Arrow star Stephen Amell recently shared his thoughts about the ongoing SAG-AFTRA strike during an appearance at Galaxycon in North Carolina.
Amell was asked a question about the ongoing strike during a Q&A.
He answered, “I feel like I’m insulated in Hollywood, uh, ’cause that’s where I live. I truly live in Hollywood, like all the stereotypes that exist. so I feel like a lot of people in this room aren’t aware of the strike.”
After a brief pause he said, “I support my union, I do, and I stand with them, but I do not support striking, I don’t. I think it is a reductive negotiating tactic.”
He continued, “And I find the entire thing incredibly frustrating. And I think the thinking as it pertains to shows like the show that I’m on [Heels], that premiered last night, I think it’s myopic. And I, uh, stand with my union.”
Amell’s comments were met with vitriol by his former co-stars in the Arrowverse. Matt Letscher, who played Eobard Thawn and Reverse-Flash tweeted, ” Still waiting on that comprehensive list of totally non-reductive negotiating tactics we get to employ now. Thank god for superheroes! Any second now…. #SAGAFTRAstrike #SAGAFTRAstrong“
Kirk Acevedo, who played Ricardo Diaz on Arrow, responded to coverage of Amell’s comments in The Hollywood Reporter writing, “This f***ing guy.”
The SAG-AFTRA union went on strike on July 14, 2023. They joined the Writers Guild of America who went on strike on May 2, 2023.
However, SAG-AFTRA has also carved out a bunch of exceptions. In a statement shared to the union’s website on July 30th, they noted that some members had the option to apply for an Interim Agreement.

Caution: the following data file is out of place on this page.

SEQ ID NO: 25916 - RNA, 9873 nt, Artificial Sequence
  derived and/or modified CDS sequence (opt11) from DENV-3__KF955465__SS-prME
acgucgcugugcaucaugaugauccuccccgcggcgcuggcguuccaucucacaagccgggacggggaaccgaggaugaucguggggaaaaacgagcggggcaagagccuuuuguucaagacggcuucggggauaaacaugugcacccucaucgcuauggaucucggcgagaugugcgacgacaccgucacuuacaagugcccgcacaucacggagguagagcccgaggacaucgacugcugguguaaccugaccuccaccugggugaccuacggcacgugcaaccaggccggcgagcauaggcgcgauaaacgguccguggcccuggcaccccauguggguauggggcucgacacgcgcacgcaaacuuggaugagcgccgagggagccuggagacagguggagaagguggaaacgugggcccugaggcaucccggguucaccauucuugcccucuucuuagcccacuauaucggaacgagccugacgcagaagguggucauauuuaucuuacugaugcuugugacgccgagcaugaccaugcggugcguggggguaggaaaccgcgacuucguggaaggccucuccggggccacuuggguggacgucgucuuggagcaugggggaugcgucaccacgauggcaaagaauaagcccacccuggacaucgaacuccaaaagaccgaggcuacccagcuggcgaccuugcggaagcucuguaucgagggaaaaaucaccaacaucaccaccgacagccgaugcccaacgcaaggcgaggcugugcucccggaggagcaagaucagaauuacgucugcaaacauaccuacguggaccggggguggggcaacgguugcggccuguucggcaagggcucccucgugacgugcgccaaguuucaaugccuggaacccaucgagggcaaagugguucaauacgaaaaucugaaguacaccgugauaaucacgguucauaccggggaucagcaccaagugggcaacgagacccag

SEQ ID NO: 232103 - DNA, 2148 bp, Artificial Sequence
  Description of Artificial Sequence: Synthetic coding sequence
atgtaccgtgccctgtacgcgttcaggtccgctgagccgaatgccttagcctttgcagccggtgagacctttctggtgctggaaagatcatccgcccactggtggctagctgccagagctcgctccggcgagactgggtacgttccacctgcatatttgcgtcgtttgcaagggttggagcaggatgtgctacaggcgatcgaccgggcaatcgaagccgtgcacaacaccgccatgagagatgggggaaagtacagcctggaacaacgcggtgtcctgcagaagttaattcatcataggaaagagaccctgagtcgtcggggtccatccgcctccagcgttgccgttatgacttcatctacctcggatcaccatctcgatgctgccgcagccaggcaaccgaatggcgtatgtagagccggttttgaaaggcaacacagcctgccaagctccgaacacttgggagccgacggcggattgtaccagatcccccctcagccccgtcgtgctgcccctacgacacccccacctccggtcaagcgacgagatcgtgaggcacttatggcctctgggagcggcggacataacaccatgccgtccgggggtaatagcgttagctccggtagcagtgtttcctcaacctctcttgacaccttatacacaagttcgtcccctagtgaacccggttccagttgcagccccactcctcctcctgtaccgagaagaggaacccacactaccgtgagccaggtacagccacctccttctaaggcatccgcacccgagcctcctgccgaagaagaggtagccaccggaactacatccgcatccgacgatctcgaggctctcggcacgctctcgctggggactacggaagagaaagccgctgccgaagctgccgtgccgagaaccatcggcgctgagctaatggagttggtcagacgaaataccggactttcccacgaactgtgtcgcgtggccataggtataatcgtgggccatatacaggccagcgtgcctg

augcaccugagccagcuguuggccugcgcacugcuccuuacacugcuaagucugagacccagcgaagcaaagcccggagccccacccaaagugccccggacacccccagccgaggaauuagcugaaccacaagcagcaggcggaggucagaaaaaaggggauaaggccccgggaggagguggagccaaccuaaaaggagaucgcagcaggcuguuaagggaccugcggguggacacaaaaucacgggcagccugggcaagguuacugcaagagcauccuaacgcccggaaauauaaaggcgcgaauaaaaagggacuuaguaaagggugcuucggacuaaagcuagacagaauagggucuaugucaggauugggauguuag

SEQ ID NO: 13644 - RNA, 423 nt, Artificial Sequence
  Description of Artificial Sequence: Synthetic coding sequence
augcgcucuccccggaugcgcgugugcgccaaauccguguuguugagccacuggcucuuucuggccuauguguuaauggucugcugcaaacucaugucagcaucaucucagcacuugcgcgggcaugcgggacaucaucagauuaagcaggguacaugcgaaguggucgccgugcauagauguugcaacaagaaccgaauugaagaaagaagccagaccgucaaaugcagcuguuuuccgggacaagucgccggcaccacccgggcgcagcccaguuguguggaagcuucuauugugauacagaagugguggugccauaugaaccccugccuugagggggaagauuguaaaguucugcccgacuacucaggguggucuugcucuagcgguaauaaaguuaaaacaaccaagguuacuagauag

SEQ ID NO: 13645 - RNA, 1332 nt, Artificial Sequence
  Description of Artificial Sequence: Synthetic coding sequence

They explained “the Interim Agreement gives many of our journeyman performers and crews the opportunity to pay their rent and feed their families. This approach maintains our strength, solidarity and upper hand with the AMPTP until they yield to the deal we deserve.”
“This Interim Agreement was created for several reasons, all of which are aimed at protecting the interests of our members, helping them successfully navigate the strike and demonstrating to the AMPTP that other producers are eager to work with our members under these terms,” SAG-AFTRA elaborated.
They also noted, “Working with these independent producers proves that the wage increases and other terms, which the AMPTP has so far rejected, are in fact reasonable and appropriate.”
“The Interim Agreement encourages production budgets to be directed to union-covered projects employing union members rather than fueling a pipeline of non-union foreign productions,” the union detailed.
SAG-AFTRA also asserted, “If the AMPTP continues to refuse to bargain, our strategy denies them the ability to freely make their own original productions, allowing everyone other than the AMPTP to produce content with our members.”
This tactic appears to be in response to comments made by an unnamed executive to Deadline that the AMPTP planned “to allow things to drag on until union members start losing their apartments and losing their houses.”
However, a statement from an AMPTP spokesman rejected this assertion, “These anonymous people are not speaking on behalf of the AMPTP or member companies, who are committed to reaching a deal and getting our industry back to work.”
Depending on how long the strikes last, analysts predict it could doom the entire film and TV production industry. Former Paramount Pictures and 20th Century Fox CEO Barry Diller warned on CBS’ Face the Nation, “What will happen is, if in fact it doesn’t get settled to Christmas or so, then next year there’s not going to be many programs for anybody to watch. So you’re going to see subscriptions get pulled, which is going to reduce the revenue of all these movie companies, television companies. The result of which is that there will be no programs.”
“And at just the time [the] strike is settled that you want to gear back up there won’t be enough money,” he added.
He later shared, “The only other thing I would do, I would call for a September 1st deadline. There’s a strike deadline. I think there should be a settlement deadline because unless it happens by September 1st, the actions- And, of course, who cares about Hollywood, who cares about it. But the truth is this is a huge business both domestically and for world export … but these conditions will produce an absolute collapse of an entire industry.”
What do you make of Amell’s comments and the reactions he’s received from his fellow actors?